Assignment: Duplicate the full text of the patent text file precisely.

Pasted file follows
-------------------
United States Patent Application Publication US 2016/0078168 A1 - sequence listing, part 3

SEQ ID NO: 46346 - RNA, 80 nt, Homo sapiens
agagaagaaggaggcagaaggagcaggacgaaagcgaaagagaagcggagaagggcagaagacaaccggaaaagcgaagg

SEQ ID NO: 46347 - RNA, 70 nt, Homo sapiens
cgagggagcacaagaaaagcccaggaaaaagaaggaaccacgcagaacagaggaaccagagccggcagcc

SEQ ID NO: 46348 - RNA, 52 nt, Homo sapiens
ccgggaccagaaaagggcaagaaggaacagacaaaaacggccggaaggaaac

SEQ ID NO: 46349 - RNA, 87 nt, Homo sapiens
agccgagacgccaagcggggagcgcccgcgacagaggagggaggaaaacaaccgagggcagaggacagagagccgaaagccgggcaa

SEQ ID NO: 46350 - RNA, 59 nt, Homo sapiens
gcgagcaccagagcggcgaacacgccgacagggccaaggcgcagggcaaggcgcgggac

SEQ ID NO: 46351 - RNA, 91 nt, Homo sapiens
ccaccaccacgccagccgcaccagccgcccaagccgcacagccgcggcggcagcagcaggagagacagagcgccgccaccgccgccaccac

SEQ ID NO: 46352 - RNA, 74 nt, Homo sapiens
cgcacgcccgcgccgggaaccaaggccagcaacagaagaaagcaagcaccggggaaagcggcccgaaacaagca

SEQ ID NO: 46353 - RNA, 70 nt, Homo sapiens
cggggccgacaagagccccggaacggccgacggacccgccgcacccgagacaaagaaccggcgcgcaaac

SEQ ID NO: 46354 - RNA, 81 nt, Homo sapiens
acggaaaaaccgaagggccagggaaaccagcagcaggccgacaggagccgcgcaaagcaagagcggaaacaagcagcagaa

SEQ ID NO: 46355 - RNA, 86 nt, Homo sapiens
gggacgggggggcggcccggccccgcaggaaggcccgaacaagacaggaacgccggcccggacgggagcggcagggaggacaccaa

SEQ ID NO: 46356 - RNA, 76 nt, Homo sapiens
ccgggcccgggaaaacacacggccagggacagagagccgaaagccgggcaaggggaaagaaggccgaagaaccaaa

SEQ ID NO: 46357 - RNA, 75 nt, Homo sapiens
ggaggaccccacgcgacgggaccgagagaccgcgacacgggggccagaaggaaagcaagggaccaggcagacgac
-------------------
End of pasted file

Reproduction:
United States Patent Application Publication US 2016/0078168 A1 - sequence listing, part 3

SEQ ID NO: 46346 - RNA, 80 nt, Homo sapiens
agagaagaaggaggcagaaggagcaggacgaaagcgaaagagaagcggagaagggcagaagacaaccggaaaagcgaagg

SEQ ID NO: 46347 - RNA, 70 nt, Homo sapiens
cgagggagcacaagaaaagcccaggaaaaagaaggaaccacgcagaacagaggaaccagagccggcagcc

SEQ ID NO: 46348 - RNA, 52 nt, Homo sapiens
ccgggaccagaaaagggcaagaaggaacagacaaaaacggccggaaggaaac

SEQ ID NO: 46349 - RNA, 87 nt, Homo sapiens
agccgagacgccaagcggggagcgcccgcgacagaggagggaggaaaacaaccgagggcagaggacagagagccgaaagccgggcaa

SEQ ID NO: 46350 - RNA, 59 nt, Homo sapiens
gcgagcaccagagcggcgaacacgccgacagggccaaggcgcagggcaaggcgcgggac

SEQ ID NO: 46351 - RNA, 91 nt, Homo sapiens
ccaccaccacgccagccgcaccagccgcccaagccgcacagccgcggcggcagcagcaggagagacagagcgccgccaccgccgccaccac

SEQ ID NO: 46352 - RNA, 74 nt, Homo sapiens
cgcacgcccgcgccgggaaccaaggccagcaacagaagaaagcaagcaccggggaaagcggcccgaaacaagca

SEQ ID NO: 46353 - RNA, 70 nt, Homo sapiens
cggggccgacaagagccccggaacggccgacggacccgccgcacccgagacaaagaaccggcgcgcaaac

SEQ ID NO: 46354 - RNA, 81 nt, Homo sapiens
acggaaaaaccgaagggccagggaaaccagcagcaggccgacaggagccgcgcaaagcaagagcggaaacaagcagcagaa

SEQ ID NO: 46355 - RNA, 86 nt, Homo sapiens
gggacgggggggcggcccggccccgcaggaaggcccgaacaagacaggaacgccggcccggacgggagcggcagggaggacaccaa

SEQ ID NO: 46356 - RNA, 76 nt, Homo sapiens
ccgggcccgggaaaacacacggccagggacagagagccgaaagccgggcaaggggaaagaaggccgaagaaccaaa

SEQ ID NO: 46357 - RNA, 75 nt, Homo sapiens
ggaggaccccacgcgacgggaccgagagaccgcgacacgggggccagaaggaaagcaagggaccaggcagacgac